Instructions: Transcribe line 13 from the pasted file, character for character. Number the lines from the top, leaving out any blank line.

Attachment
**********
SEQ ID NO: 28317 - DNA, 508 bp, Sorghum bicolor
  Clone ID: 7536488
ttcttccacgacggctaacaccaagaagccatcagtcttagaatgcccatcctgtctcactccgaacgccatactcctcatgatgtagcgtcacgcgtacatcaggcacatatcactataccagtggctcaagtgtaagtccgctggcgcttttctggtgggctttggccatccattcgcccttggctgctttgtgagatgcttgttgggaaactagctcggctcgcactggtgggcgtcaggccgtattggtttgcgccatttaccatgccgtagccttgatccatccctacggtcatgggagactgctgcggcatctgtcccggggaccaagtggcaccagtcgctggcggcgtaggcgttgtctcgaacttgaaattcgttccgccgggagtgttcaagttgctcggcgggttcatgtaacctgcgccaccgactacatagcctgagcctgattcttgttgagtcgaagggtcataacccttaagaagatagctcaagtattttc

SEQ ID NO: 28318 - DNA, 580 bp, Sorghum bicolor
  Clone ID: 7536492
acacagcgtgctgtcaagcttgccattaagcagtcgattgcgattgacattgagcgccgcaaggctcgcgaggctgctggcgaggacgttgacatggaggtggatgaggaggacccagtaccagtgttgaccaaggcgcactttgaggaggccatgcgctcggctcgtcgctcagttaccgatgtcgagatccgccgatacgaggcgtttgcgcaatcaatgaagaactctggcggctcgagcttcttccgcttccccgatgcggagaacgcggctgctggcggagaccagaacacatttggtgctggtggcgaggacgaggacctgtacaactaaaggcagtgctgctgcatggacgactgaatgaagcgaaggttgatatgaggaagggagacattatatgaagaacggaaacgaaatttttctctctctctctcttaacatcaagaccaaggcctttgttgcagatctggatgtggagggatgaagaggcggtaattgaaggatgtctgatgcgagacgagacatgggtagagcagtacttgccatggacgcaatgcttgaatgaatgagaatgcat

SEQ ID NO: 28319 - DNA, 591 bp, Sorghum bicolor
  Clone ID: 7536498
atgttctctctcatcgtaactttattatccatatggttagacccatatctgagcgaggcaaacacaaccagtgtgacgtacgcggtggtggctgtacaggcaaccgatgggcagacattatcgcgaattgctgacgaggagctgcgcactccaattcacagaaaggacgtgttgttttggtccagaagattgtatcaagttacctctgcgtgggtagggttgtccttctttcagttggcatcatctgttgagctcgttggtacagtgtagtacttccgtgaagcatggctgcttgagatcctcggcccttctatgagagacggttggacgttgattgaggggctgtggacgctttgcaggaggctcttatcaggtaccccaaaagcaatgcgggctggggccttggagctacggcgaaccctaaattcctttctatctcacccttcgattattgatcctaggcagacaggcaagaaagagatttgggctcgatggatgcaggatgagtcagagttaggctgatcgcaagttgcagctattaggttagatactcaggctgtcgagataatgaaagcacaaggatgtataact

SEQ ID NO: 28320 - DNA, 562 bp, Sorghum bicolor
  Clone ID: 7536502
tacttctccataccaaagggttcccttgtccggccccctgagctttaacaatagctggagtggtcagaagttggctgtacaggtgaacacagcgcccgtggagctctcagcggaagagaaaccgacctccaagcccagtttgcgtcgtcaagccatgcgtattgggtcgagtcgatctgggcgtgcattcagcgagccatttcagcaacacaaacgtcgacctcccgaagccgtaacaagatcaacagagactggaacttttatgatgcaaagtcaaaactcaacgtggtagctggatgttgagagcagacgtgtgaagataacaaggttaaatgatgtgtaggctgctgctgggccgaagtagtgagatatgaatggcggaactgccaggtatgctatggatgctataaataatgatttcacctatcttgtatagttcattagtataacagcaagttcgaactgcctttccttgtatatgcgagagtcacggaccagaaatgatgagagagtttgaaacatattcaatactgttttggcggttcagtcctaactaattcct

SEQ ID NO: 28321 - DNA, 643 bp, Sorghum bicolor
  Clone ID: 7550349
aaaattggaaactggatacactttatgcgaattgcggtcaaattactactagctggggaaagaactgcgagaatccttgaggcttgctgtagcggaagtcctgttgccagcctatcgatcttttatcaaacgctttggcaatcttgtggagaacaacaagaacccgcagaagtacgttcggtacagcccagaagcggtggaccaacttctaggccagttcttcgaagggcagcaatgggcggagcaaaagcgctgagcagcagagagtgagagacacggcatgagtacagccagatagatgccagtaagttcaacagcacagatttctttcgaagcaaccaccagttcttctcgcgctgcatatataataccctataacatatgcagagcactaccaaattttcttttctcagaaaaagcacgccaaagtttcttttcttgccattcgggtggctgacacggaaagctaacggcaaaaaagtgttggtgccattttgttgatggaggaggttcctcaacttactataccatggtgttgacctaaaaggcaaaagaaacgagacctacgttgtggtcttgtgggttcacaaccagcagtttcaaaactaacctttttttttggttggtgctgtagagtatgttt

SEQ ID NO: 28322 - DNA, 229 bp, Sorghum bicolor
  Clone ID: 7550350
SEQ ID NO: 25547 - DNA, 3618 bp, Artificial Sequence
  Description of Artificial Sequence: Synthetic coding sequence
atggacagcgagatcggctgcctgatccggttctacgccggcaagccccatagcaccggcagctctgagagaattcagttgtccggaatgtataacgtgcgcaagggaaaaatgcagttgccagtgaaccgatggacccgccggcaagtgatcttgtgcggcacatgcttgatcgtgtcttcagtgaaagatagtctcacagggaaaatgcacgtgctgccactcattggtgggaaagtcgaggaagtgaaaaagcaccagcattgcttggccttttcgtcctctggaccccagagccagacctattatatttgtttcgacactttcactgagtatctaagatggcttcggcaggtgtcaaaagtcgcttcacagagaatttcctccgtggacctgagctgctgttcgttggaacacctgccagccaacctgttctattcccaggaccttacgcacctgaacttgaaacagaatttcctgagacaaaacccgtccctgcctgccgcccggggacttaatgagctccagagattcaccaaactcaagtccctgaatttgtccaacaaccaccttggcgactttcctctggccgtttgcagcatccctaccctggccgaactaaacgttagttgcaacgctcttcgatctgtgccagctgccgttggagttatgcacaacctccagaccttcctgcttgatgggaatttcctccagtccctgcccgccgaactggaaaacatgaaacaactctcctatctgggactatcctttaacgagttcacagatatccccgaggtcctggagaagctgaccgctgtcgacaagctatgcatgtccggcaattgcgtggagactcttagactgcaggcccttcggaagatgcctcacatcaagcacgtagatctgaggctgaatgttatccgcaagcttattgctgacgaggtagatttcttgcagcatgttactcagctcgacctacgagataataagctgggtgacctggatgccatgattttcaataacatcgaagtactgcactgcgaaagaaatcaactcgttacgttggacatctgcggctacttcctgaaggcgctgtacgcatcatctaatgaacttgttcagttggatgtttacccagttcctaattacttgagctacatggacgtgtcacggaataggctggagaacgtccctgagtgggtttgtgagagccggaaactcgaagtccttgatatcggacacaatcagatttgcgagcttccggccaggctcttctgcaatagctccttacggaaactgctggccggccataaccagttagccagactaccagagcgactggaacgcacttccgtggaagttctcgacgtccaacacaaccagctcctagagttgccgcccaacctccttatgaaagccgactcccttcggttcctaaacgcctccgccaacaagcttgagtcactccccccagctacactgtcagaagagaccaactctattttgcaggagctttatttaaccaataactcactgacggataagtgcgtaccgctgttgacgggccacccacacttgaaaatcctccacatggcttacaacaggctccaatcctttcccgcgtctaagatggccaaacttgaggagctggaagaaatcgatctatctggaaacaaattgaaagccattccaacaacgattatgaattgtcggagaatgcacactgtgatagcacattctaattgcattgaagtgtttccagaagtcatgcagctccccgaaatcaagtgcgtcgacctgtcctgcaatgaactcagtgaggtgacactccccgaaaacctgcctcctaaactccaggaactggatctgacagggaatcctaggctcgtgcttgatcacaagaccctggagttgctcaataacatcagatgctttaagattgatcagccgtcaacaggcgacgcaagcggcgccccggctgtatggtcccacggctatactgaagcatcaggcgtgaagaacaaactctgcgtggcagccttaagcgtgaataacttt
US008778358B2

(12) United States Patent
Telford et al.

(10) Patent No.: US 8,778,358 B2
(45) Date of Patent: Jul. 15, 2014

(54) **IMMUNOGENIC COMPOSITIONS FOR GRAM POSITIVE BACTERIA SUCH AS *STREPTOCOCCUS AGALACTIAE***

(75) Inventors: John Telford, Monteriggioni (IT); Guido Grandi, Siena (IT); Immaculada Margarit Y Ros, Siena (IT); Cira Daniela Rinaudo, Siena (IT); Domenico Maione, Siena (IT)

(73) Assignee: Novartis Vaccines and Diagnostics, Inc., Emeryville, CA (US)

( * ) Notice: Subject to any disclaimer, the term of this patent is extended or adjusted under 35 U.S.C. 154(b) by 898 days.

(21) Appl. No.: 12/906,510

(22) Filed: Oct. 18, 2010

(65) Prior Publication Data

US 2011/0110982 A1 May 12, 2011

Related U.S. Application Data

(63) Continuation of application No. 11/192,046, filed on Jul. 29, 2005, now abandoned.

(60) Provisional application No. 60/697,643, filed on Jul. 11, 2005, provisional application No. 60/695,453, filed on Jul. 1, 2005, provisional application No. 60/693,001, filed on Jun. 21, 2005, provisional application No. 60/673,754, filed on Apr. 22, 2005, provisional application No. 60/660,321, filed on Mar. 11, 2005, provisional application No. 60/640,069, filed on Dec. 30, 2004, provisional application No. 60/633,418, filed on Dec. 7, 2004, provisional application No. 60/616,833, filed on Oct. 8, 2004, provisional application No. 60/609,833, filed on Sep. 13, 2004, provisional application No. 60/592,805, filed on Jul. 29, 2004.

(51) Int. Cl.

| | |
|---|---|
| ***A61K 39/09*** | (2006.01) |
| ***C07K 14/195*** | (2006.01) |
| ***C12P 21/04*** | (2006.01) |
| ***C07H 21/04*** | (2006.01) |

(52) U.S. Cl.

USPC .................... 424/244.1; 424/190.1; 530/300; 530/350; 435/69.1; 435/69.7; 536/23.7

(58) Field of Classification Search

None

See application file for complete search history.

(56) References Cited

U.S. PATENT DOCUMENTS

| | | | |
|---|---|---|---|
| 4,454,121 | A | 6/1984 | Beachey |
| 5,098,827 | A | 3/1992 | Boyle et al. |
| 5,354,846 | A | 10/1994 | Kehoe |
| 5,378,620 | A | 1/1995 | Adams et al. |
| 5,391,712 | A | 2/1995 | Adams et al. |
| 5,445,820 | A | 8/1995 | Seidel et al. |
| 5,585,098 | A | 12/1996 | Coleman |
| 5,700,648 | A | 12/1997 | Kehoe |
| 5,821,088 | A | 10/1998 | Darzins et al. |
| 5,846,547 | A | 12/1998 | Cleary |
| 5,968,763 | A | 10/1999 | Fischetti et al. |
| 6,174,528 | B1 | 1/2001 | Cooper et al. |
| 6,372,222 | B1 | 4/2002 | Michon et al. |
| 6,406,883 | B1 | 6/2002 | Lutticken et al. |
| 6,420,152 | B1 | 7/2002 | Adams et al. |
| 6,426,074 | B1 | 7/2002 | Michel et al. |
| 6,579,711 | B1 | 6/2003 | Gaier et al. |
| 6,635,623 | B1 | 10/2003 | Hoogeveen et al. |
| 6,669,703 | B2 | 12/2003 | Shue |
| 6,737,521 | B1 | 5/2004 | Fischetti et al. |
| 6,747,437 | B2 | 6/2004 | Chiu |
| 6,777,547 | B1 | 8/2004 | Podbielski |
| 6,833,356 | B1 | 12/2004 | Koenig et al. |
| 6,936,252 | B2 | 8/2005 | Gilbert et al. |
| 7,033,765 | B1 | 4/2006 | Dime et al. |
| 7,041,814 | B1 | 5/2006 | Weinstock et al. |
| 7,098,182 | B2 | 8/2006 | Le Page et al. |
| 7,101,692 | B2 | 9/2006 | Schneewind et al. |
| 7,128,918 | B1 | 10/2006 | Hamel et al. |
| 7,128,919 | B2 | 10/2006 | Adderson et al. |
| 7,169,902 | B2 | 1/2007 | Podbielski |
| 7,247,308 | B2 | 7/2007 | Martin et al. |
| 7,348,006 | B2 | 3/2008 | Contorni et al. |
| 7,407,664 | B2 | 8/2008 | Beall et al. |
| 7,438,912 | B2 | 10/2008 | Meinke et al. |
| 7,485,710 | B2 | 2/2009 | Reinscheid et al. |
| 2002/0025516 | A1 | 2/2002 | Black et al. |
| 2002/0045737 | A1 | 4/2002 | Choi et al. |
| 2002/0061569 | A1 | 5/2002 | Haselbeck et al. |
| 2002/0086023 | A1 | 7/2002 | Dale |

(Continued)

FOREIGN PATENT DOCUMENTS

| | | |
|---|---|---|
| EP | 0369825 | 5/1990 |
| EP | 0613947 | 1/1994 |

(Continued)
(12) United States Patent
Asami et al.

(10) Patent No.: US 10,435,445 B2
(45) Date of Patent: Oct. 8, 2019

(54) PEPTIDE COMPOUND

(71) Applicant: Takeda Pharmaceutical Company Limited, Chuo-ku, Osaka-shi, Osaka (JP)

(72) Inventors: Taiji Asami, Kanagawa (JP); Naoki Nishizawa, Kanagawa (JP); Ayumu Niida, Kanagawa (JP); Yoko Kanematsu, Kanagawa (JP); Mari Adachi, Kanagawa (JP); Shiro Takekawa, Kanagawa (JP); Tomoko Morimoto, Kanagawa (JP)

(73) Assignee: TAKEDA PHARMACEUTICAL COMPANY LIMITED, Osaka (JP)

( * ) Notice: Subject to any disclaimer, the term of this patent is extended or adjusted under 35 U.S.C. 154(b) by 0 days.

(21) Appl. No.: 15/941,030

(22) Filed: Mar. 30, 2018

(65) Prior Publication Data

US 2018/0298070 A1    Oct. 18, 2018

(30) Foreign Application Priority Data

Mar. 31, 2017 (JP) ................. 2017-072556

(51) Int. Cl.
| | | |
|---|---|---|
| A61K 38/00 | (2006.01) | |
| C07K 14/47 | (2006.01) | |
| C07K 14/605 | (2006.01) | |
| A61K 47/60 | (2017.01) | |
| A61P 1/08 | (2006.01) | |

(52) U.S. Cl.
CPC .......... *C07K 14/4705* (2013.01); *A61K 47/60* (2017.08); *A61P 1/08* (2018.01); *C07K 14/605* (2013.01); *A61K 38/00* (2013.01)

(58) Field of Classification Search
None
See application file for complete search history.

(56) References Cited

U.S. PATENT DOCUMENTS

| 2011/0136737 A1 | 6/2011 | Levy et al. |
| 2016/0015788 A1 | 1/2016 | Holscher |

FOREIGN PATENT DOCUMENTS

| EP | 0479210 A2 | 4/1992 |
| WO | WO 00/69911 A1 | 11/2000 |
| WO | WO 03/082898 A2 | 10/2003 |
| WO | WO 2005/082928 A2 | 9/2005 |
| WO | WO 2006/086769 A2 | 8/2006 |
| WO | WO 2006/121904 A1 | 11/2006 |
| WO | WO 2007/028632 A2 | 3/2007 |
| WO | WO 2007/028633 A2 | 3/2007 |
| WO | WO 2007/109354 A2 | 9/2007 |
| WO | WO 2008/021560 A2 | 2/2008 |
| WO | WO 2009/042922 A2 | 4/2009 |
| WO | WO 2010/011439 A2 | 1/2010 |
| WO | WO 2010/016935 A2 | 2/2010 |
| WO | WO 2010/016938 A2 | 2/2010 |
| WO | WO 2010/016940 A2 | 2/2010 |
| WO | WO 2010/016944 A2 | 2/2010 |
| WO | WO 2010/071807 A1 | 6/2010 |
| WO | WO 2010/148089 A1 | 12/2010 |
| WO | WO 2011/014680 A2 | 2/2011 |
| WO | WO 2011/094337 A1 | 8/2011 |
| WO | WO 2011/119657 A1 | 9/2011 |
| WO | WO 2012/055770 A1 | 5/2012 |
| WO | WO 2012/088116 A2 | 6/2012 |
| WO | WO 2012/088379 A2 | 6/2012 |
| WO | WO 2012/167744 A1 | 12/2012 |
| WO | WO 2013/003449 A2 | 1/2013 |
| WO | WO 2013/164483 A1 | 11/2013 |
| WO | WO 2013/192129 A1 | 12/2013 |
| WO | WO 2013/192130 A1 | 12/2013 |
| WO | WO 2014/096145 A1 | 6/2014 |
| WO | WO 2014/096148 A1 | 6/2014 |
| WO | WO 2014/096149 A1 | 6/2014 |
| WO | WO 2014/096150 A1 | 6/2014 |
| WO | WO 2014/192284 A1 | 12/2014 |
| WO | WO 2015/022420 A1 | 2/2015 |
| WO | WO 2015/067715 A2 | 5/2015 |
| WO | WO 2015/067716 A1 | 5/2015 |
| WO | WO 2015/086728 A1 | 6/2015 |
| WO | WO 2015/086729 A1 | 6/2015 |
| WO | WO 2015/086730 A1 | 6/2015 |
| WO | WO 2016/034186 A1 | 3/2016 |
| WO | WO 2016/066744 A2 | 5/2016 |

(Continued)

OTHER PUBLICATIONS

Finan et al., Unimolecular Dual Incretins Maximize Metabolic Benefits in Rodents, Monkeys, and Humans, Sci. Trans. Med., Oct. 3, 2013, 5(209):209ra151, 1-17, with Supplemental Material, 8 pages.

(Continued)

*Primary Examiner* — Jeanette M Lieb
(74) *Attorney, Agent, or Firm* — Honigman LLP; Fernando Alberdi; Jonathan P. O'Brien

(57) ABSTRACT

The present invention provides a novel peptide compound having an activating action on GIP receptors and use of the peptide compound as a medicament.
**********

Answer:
SEQ ID NO: 28321 - DNA, 643 bp, Sorghum bicolor